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Onstage Broadway And Off Broadway And Behind The Scenes At Clybourne Park

by Ellis Nassour on June 28, 2012

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There’s no shortage of star power on Broadway, but there are several shows/stars this season that really stand out: the amazing Audra McDonald and Norm Lewis in the Porgy and Bess revival, which also features stunning portrayals by David Alan Grier as Sporting Life and Phillip Boykin as Crown — all Tony-nominated; young English comic James Corden, giving a Tony-nominated performance that will have you falling out of your seat and rolling on the floors in One Man, Two Guvnors, is a welcome presence to the season. He works hard for his money but gets a lot of competition from his cast — especially the Tony-nominated and very nimble dodderer Tom Edden [as Alfie], a master of physical comedy.

Other superlative Tony-nominated performances have arrived via stage, film, and TV veteran John Lithgow as ’60s controversial political writer and powerbroker Joseph Alsop in The Columnist; stage, film, and TV veteran James Earl Jones as a former President of the United States in the revival of Gore Vidal’s The Best Man.

There’s also Stockard Channing, Stacy Keach, and Judith Light in Other Desert Cities; and newcomer, direct from her West End Olivier-winning performance, Tracie Bennett offering her amazing transformation into Judy Garland, drunken and pill-addled escapades, warts, and all, in End of the Rainbow [frankly, the play would be better if we saw more of Garland’s humor and heart instead of all her desperate foibles in her sad last days].


Not enough can be said of Matthew Broderick’s incredible performance in Nice Work If You Can Get It, which was shamefully not nominated [you have to wonder if the Tony nominators were asleep!]. Co-stars Tony-winners Michael McGrath and swinging Judy Kaye (a Tony winner for The Phantom of the Opera) are no slouches in the do-anything-for-laughs category and they do it so effortlessly and flawlessly.

Then, Off Broadway, in Tribes, there are memorable portrayals by Jeff Perry and Russell Harvard. Nina Raine’s Drama Desk winning Outstanding Play, gives dysfunctional families new definition. It’s directed by Drama Desk nominee David Cromer in a setting that surrounds audiences, presented by Barrow Street Theatre at Greenwich House, at 27 Barrow Street [at the corner of Seventh Avenue South, one block South of Christopher Street].

Tribes’s marvelous cast is comprised of Will Brill, Russell Harvard, Jeff Perry, Susan Pourfar, Gayle Rankin, and Mare Winningham. It focuses on Billy, a young deaf man raised in the confines of a idiosyncratic and politically incorrect family. Though he’s adapted to his hearing family’s unconventional ways, they’ve never returned the favor. It’s not until he meets Sylvia [Pourfar], who’s on the brink of deafness, that he finally stages a rebellion that tears the family further apart.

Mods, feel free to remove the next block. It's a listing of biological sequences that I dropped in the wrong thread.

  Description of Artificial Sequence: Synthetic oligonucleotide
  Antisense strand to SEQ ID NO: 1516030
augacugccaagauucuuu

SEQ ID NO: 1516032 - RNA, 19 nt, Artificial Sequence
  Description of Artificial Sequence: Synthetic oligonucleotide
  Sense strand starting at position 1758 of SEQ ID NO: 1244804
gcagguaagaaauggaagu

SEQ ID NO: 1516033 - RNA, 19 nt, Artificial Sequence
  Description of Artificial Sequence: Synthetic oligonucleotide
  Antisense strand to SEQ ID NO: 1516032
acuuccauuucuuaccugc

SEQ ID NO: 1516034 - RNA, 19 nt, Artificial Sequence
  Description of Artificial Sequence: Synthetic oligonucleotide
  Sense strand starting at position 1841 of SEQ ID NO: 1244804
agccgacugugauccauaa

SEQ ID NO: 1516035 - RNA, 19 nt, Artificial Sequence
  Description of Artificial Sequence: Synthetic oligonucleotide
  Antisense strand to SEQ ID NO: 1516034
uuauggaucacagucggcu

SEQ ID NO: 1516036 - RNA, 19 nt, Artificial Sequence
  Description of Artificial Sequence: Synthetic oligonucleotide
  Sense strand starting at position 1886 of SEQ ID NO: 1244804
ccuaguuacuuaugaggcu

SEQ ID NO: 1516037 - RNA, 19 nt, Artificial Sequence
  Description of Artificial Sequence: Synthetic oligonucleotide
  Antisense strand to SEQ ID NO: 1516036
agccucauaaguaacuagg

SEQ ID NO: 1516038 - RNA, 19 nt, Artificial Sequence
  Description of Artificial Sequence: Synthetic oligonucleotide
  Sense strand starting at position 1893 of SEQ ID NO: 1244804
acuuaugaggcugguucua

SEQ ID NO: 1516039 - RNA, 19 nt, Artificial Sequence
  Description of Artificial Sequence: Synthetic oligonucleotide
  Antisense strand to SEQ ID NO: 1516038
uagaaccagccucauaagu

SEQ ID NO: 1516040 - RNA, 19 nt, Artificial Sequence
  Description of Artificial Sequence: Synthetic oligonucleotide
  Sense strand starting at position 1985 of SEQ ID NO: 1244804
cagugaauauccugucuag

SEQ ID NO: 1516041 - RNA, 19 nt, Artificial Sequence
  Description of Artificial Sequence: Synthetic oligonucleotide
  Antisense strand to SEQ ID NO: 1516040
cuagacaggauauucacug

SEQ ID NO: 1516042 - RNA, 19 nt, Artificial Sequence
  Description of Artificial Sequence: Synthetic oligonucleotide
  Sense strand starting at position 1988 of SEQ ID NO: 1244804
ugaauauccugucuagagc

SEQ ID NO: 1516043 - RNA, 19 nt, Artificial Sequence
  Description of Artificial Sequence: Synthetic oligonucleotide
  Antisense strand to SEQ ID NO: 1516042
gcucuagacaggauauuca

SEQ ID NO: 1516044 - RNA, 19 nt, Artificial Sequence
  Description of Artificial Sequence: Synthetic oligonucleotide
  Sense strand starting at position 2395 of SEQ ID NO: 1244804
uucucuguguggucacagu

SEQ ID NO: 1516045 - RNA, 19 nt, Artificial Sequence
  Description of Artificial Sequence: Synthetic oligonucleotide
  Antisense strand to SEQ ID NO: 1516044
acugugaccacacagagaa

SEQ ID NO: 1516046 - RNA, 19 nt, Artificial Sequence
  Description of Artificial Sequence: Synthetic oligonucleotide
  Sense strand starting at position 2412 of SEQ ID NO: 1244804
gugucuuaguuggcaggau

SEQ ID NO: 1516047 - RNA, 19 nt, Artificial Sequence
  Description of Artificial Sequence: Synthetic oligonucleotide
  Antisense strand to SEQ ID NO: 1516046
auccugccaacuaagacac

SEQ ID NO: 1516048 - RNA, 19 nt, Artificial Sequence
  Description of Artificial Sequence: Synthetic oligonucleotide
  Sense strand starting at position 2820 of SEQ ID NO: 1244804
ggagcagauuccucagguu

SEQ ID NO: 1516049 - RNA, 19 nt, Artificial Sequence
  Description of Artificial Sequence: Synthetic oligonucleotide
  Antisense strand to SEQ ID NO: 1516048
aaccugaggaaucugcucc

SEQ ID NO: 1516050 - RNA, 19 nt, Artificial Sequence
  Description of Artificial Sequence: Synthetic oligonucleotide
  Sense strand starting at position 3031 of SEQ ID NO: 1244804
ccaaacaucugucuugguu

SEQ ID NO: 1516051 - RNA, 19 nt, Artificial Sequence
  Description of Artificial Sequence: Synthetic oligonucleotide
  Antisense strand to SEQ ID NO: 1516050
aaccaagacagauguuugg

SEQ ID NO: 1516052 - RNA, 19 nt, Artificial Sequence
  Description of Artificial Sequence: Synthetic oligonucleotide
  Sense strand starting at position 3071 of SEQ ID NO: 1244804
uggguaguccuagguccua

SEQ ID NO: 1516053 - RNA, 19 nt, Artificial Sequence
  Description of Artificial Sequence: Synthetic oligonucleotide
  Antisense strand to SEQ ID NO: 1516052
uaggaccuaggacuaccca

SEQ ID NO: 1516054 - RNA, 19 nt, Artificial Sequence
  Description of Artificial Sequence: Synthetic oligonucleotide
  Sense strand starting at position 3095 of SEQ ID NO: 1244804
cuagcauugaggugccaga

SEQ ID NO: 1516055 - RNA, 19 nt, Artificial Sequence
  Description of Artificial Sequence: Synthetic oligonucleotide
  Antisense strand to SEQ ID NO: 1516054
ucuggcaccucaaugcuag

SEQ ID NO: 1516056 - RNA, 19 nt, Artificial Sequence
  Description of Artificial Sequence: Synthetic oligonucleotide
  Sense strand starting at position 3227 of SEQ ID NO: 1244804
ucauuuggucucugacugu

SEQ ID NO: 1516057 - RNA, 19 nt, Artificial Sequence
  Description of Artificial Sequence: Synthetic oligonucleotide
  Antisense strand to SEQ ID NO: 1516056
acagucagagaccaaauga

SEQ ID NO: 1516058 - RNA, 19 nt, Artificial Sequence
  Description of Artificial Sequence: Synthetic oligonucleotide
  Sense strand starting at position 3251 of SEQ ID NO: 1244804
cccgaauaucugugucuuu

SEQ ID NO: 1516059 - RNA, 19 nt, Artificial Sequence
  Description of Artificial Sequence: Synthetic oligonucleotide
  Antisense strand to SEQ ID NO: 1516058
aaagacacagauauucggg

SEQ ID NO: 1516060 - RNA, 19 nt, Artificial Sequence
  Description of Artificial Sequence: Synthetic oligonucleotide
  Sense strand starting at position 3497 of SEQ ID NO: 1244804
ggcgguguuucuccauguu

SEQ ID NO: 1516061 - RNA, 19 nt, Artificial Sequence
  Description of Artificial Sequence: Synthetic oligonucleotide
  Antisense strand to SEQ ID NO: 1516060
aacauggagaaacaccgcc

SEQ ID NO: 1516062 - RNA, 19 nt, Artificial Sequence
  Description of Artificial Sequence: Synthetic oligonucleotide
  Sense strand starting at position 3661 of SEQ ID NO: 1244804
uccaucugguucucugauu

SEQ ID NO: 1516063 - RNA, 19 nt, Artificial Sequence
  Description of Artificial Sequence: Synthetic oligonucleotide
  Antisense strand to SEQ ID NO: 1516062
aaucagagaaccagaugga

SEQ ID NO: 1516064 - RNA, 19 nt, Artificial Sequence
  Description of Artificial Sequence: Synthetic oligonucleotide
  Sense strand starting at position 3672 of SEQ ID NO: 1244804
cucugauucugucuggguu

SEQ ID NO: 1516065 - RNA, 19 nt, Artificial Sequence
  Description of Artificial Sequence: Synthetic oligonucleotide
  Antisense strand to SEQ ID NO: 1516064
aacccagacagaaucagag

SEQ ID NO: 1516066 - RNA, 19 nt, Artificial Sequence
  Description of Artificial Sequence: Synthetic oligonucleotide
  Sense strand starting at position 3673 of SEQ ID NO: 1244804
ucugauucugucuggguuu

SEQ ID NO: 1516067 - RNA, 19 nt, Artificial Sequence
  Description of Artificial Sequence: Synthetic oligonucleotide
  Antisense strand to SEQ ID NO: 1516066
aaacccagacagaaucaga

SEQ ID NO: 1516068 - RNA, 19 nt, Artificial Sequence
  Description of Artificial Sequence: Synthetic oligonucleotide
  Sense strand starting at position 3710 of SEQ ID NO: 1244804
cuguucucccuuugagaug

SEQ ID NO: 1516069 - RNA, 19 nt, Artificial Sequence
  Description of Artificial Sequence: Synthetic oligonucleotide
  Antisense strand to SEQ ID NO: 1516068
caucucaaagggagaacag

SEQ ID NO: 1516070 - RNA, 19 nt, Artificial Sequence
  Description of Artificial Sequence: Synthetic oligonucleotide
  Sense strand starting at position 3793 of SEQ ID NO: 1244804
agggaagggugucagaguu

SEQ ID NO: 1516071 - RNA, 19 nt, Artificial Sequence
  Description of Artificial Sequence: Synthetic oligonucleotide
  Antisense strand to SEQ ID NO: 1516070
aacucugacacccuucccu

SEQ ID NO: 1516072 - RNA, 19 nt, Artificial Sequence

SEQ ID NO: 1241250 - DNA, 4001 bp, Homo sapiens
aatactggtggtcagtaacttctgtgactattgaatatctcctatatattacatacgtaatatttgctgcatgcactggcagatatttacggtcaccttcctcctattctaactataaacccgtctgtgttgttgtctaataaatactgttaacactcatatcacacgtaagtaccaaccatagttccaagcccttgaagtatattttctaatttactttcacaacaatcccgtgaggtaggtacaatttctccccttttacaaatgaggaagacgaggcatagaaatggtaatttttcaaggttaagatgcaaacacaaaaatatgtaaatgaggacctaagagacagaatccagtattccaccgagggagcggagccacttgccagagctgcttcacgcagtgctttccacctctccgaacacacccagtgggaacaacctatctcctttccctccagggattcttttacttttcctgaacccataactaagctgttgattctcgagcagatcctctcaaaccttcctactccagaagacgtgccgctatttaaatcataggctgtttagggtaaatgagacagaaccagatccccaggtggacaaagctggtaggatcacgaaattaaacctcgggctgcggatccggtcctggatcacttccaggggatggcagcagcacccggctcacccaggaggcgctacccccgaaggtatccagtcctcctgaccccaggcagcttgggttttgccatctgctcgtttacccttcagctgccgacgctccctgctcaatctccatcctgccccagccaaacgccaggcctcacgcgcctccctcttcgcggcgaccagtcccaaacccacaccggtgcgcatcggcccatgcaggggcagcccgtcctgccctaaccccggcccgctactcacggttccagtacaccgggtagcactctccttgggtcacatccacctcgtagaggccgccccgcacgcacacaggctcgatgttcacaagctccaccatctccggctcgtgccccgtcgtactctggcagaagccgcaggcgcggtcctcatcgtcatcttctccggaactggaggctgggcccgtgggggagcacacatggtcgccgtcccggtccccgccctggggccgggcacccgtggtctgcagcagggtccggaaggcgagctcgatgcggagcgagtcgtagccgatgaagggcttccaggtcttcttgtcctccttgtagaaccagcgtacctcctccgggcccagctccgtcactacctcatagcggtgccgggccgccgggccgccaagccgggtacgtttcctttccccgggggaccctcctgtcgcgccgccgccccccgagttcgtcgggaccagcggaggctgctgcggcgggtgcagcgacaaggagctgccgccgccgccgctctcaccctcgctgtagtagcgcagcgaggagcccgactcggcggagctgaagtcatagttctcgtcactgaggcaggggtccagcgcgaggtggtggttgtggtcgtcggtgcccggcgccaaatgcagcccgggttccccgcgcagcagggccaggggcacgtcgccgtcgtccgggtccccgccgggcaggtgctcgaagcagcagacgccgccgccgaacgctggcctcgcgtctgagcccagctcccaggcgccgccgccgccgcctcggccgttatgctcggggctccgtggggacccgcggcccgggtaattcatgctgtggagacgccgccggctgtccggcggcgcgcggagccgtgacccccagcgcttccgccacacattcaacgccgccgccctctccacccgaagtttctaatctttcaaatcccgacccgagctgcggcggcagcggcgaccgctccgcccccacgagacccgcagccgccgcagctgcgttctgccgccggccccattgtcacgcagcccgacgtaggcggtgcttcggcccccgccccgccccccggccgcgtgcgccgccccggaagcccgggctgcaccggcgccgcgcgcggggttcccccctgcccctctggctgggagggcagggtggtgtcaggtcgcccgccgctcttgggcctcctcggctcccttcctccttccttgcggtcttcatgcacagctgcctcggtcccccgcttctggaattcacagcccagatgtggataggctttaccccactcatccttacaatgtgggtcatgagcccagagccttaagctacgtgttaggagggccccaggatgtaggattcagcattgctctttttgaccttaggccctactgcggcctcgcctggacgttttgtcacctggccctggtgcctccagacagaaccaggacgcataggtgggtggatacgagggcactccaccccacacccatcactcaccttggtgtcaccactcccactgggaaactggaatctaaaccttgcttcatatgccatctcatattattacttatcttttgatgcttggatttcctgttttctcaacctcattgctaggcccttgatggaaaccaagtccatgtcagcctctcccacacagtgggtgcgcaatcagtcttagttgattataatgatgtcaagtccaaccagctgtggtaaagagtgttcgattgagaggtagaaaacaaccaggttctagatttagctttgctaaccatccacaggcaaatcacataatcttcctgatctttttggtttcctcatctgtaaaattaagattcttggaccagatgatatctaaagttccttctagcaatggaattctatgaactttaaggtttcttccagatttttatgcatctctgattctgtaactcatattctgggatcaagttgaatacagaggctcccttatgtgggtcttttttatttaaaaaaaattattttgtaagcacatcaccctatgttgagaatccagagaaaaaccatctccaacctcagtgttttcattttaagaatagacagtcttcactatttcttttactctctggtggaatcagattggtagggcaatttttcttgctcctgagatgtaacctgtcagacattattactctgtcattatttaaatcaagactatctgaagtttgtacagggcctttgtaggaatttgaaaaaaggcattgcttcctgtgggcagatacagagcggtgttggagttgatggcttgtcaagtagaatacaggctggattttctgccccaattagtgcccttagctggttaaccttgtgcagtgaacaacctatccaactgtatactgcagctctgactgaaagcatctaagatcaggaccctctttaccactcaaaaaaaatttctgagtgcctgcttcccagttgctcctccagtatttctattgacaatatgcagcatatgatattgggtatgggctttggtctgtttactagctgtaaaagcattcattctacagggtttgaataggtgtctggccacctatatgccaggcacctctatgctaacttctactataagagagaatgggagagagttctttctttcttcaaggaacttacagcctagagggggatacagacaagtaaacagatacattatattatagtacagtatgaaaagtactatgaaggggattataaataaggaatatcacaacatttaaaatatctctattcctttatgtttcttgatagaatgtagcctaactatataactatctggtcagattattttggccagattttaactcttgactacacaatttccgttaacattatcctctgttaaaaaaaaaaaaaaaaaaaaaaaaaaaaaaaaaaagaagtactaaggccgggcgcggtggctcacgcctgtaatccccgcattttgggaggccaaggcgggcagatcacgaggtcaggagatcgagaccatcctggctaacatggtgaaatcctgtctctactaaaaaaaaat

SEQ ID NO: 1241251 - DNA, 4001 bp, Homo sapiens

A 2012 Theatre World Award honoree for Outstanding Off-Broadway Debut Performance, Harvard is a real-life deaf actor. Pourfar receives the TWA 2012 Dorothy Loudon Award for Excellence in the Theater.

Behind-the-Scenes at Clybourne Park

Discovery Communications’ HowStuffWorks is presenting a special behind-the-scenes perk for theater lovers, especially those curious about “How’d they do that?” in stage productions.  The all-new Stuff You Missed in History Class podcast entitled A Visit to Clybourne Park, can be viewed on and downloaded from iTunes.

Pulitzer Prize-winning and Tony Award-nominated Best Play, Clybourne Park by Bruce Norris world premiered Off Broadway at Playwrights Horizons in 2010 followed by a critically-acclaimed pre-Broadway engagement at Center Theatre Group/Mark Taper Forum in L.A. The play also won an Olivier Best Play Award for its London production. It opened to ecstatic praise at the Walter Kerr Theatre on Broadway with its original 2010 cast: Crystal A. Dickinson, Brendan Griffin, Damon Gupton, Christina Kirk, Annie Parisse, Jeremy Shamos and Frank Wood. Shamos is Tony nominated for Best Featured Performance (Play).

The podcast offers a rare glimpse into how Tony-nominated scenic designer Dan Ostling’s 1959 suburb living room transitions 50 years to 2009 during the 15 minute intermission. Act 1 introduces nervous community leaders who try to stop the sale of a home to a African-American family; Act 2 is set in the same house in 2009 as the now-predominantly African-American neighborhood battles to hold its ground in the face of gentrification. features themed blog posts inspired by the play: This Old House, in which Tony-nominated director Pam MacKinnon discusses America’s history of racial bias as countless neighborhoods transitioned from white to black; The Hansberry Connection, which examines A Raisin in the Sun playwright Lorraine Hansberry and how the events of her personal life [as presented in that classic and landmark play] parallel those facing the characters in Clybourne Park; and Pure Drama, which delves into A Raisin in the Sun and its connection to the play.

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